Thursday, June 6, 2013

Policy Analysis Topic Proposal

In the course of my internship thus far, I have had the opportunity to attend a number of events related to security and defense issues in the EU.  For example, last week I went to an event called “Safeguarding Defense Technology” with the European Defense Agency and a working group meeting at the EU parliament called “The Future of European Security and Defense Policy.”  I have also been required to do readings related to defense technologies and policies through the internship program.

Of the numerous issues that have come up in the meetings I have attended and readings I have done, one of the ones I find most interesting relates to the EU’s Common Security and Defense Policy (CSDP).  A broad attempt to examine and analyze the policy writ large would likely be beyond the scope of the paper we are required to write.  However, in many cases, I have often encountered a great deal of pessimism and tension when it comes to issues of security, with some officials arguing that there are problems with burden-sharing and identifying what issues are truly “common.”

For my policy analysis paper, I think it would be interesting to examine the extent of the EU’s intervention in Mali.  Specifically, the paper would examine, from a practical standpoint, what challenges the French faced and the successes they have had in spearheading the intervention in Mali within the framework of the EU and CSDP.  As per the Patton and Sawicki article, the paper should have two broad sections, the first a retrospective analysis and the second an evaluation to see if the purposes of the policy were met.  Because the conflict in Mali is still ongoing, the second section may briefly move into the hypothetical and highlight some possibilities for the EU moving forward.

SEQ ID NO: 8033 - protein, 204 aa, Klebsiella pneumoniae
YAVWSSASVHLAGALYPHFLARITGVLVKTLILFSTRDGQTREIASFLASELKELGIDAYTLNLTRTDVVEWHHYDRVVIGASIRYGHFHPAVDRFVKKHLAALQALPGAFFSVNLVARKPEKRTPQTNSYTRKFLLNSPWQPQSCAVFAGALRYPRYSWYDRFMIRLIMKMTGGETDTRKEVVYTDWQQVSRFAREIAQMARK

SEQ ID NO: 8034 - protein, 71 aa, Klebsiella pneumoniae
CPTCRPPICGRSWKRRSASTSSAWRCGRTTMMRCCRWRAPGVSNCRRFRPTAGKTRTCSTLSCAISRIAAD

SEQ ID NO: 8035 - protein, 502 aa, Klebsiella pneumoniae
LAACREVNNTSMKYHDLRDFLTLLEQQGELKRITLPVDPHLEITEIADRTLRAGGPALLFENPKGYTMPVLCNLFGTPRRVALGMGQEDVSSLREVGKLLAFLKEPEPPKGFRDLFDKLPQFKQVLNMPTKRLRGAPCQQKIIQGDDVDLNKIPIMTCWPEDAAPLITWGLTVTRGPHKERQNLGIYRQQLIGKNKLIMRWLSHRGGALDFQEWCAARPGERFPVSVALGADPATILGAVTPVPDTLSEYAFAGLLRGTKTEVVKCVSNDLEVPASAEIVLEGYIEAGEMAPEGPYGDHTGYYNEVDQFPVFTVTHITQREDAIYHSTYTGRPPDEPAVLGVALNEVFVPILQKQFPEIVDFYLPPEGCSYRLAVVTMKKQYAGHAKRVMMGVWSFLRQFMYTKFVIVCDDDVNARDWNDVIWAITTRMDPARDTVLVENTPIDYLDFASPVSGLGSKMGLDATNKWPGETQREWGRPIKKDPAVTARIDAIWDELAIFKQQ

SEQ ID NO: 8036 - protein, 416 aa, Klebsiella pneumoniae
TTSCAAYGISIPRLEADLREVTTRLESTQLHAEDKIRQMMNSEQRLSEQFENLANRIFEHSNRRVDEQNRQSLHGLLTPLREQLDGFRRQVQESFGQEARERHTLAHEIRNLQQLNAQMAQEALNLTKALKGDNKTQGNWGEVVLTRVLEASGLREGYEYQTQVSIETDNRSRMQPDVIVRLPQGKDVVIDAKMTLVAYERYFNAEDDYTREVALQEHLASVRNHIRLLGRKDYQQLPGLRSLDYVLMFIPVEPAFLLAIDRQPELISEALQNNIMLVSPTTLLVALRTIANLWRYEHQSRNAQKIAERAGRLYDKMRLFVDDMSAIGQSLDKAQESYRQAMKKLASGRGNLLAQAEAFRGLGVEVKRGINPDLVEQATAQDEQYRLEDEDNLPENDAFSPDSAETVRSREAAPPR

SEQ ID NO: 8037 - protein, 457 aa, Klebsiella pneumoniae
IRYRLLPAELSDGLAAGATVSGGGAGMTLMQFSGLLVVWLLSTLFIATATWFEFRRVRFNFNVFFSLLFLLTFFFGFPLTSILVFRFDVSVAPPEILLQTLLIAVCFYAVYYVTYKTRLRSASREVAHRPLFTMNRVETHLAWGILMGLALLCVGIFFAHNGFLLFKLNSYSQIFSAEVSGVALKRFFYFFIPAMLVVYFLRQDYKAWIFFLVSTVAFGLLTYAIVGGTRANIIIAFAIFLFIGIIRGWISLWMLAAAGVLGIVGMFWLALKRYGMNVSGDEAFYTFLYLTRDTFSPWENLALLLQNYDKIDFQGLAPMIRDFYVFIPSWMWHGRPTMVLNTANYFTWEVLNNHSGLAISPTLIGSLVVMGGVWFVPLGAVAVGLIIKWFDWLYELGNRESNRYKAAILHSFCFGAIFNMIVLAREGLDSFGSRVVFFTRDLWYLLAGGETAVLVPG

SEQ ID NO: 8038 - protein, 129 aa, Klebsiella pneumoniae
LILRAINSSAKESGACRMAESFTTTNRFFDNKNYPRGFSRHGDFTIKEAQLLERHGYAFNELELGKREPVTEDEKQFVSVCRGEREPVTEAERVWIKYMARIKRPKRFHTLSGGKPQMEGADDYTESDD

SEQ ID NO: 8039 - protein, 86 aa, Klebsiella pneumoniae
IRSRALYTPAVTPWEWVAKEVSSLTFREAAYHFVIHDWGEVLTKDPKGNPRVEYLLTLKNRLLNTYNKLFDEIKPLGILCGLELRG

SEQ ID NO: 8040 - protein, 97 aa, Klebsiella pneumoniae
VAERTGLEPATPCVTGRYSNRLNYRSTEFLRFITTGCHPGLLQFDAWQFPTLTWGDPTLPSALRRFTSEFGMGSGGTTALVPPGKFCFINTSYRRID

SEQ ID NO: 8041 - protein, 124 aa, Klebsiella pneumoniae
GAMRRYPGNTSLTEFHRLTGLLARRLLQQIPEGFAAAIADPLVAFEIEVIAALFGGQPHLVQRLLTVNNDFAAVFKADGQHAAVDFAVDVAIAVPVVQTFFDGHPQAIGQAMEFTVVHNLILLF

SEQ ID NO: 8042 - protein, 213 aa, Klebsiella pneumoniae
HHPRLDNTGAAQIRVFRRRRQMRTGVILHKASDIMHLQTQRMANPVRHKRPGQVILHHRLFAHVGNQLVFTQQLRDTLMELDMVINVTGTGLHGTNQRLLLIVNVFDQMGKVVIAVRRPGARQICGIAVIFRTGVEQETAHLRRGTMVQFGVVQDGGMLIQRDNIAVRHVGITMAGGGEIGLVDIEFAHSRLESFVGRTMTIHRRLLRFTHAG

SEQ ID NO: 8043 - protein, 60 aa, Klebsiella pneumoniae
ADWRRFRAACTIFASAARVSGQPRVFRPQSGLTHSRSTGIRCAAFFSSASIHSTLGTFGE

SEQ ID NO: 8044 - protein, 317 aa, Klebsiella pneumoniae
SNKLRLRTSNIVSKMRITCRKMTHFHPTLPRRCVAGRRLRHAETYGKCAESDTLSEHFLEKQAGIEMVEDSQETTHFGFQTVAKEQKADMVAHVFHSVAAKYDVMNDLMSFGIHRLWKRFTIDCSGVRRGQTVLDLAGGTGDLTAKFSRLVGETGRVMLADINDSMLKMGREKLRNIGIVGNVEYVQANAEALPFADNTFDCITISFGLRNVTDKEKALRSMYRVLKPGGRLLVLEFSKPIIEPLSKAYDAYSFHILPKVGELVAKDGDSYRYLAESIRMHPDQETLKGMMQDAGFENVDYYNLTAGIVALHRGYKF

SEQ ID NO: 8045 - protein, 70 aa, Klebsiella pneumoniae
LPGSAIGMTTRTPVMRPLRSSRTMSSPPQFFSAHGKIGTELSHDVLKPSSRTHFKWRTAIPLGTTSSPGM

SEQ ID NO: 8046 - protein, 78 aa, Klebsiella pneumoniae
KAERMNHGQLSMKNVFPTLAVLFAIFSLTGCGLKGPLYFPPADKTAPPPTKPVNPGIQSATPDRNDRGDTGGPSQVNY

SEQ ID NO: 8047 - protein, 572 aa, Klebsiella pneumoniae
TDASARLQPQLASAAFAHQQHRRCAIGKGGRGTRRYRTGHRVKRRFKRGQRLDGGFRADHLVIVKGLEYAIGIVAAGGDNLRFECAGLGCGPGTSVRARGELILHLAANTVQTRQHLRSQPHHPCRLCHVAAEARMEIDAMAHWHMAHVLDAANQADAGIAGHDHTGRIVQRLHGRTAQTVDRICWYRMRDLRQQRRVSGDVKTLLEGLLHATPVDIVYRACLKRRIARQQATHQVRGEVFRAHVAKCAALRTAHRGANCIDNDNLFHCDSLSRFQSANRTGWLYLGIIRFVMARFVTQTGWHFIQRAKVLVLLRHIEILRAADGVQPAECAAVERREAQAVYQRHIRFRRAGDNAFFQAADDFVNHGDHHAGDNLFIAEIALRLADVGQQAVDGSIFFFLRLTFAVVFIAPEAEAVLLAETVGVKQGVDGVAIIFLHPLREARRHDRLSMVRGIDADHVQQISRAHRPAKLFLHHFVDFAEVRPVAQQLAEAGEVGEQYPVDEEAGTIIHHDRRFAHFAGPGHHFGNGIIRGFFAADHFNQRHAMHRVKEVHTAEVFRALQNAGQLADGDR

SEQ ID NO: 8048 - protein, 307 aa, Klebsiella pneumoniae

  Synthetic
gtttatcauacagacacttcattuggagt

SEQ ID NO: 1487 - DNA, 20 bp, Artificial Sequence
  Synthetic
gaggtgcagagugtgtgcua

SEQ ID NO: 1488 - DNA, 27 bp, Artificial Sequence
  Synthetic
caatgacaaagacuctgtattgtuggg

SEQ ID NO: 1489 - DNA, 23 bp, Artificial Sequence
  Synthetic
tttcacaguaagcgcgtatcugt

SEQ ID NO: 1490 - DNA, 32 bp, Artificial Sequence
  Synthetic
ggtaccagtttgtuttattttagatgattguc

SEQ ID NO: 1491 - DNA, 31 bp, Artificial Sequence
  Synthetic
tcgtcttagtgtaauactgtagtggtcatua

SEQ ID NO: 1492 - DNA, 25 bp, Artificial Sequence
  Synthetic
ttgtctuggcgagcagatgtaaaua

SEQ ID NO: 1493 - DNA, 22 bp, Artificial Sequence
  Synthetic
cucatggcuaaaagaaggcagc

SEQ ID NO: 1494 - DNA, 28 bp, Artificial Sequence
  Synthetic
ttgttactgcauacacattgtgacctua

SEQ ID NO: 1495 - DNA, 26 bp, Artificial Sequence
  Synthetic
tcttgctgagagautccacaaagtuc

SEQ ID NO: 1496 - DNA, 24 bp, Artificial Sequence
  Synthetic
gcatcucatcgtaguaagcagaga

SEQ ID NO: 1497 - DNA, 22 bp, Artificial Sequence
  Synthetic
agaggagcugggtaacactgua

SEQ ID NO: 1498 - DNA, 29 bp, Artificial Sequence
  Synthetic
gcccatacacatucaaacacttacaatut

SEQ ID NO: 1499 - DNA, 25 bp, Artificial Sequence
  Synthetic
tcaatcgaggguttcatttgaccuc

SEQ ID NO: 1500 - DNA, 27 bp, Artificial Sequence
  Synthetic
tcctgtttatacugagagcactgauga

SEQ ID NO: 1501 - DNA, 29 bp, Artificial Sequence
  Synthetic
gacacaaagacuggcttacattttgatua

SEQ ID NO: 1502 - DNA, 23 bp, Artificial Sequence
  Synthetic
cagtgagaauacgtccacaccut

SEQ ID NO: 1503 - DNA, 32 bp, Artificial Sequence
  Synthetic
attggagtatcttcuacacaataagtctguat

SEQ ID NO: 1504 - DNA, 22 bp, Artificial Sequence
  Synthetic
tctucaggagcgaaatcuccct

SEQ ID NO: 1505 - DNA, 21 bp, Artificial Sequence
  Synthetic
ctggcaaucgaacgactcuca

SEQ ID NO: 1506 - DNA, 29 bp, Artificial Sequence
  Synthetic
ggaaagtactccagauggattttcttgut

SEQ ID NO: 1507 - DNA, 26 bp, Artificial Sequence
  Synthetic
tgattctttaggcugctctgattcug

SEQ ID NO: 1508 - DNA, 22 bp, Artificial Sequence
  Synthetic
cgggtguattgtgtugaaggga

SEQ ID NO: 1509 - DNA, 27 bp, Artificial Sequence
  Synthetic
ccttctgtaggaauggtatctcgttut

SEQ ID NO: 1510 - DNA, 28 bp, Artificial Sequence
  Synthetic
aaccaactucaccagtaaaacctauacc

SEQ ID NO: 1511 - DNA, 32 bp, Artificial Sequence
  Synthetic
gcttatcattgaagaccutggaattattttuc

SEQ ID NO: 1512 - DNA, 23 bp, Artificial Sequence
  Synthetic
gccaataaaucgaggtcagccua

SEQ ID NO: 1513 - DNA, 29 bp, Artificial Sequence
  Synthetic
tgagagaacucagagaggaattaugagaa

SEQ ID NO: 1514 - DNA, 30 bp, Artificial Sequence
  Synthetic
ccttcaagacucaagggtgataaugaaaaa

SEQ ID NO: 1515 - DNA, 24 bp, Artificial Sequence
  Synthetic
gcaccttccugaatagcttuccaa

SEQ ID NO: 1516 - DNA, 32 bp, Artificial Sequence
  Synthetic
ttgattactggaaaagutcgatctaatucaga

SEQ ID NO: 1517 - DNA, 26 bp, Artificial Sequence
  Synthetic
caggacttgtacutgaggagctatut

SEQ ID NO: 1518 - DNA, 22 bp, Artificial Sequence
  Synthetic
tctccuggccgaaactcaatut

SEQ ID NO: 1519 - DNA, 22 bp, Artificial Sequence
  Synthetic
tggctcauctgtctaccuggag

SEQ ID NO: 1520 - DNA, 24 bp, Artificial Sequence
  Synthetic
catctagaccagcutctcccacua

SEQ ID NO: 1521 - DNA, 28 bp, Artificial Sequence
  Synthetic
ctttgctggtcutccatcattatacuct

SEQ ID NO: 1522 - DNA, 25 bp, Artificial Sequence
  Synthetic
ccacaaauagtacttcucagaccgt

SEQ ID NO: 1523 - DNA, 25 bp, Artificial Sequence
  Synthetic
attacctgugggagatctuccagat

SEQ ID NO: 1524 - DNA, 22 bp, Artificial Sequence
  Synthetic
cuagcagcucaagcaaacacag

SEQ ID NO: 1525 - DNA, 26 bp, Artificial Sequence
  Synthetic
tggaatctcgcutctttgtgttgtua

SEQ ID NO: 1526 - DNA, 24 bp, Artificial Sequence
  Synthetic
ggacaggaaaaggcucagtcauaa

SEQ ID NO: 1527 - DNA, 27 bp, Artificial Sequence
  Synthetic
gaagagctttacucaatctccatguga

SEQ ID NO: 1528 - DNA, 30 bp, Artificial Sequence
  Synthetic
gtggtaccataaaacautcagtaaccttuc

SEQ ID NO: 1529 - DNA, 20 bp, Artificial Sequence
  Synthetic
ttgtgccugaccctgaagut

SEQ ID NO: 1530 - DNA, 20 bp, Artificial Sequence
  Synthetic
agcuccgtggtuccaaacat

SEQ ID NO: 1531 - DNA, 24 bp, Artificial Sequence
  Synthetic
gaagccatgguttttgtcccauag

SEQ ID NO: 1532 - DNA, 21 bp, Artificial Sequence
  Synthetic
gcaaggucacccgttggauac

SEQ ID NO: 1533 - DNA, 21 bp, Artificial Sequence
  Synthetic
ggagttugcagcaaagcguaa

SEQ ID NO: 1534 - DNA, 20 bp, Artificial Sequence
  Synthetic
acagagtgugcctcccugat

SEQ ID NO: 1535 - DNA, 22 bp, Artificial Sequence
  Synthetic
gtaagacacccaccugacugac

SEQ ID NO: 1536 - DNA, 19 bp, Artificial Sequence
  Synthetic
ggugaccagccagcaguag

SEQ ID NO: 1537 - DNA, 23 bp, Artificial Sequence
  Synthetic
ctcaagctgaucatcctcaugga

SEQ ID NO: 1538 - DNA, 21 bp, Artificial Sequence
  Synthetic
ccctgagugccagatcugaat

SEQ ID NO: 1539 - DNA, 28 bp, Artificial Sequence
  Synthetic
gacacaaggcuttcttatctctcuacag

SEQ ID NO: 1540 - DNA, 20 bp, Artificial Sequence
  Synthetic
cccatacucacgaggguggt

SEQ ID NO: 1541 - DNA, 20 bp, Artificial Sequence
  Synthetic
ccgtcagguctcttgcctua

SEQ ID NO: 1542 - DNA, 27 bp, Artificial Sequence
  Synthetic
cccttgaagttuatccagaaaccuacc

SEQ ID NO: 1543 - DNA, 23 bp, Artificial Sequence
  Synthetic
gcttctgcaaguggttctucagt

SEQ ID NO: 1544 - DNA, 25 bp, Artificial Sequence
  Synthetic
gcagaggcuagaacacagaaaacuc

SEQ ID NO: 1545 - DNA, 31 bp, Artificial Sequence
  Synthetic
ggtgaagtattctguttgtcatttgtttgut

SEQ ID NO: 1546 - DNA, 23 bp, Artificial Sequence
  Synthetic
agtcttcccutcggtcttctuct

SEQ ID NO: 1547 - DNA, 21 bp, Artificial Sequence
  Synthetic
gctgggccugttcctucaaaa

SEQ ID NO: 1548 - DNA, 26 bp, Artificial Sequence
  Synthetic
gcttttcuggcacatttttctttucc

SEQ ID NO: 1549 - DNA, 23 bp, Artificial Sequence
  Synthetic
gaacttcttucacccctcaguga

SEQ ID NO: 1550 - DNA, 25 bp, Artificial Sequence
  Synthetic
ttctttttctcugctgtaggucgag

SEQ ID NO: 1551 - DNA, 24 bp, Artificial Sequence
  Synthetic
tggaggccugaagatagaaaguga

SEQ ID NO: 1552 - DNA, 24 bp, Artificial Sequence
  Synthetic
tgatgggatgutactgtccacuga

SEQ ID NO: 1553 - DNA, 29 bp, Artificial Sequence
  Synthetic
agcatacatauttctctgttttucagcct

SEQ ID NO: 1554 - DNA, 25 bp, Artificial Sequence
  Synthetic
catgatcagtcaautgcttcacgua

In terms of sourcing for the paper, as the conflict in Mali is a relatively recent event I will likely principally rely on publications from newspapers, think tanks, and research groups rather than academic journals.  I will try to conduct my own analysis and draw conclusions from facts presented in the articles and reports I read.

That said, there have been some journal articles published that may well be of use.  For example, there is an article in a journal called “Survival” entitled “A Surprising Little War: First Lessons of Mali.”  This article provides a good, albeit brief, synopsis of events leading up to the conflict in Mali and will be of use in constructing context for the content of the paper.

With the intervention of Mali as a case study and using the steps outlined by Patton and Sawicki, I will identify and describe the problems states within the EU have and may continue to face in articulating and acting upon “common” security concerns.  I will then evaluate France’s intervention in Mali and identify areas where alternative policies were possible and examine what avenues France pursued in working through the EU.  Finally, I will write a brief analytical synopsis that highlights some potential directions for the CSDP, particularly as it pertains to foreign interventions, moving forward.

1 comment:

  1. Grant -- you're off to a great start here, with a good general topic area as well as a good start at identifying the specific puzzle and problem that you would like to analyze. It might be good to further clarify the puzzle with some reference to theory as well (how does the French/EU response to Mali fit, or not fit, with our theories that help us explain EU actions?).

    You're correct that not much may have been written in academic journals concerning the specific case of Mali (though you might be surprised, as the publication cycle is much shorter now, especially with online journal publications). That being said, academic journals will still be a critical part of your project (as is true for everybody's project). Much has been written about CSFP/CSDP in general, as well as about the EU response to prior crises (e.g. Libya), and those systematic analysis will be critical to developing your general framework for analyzing the Mali intervention.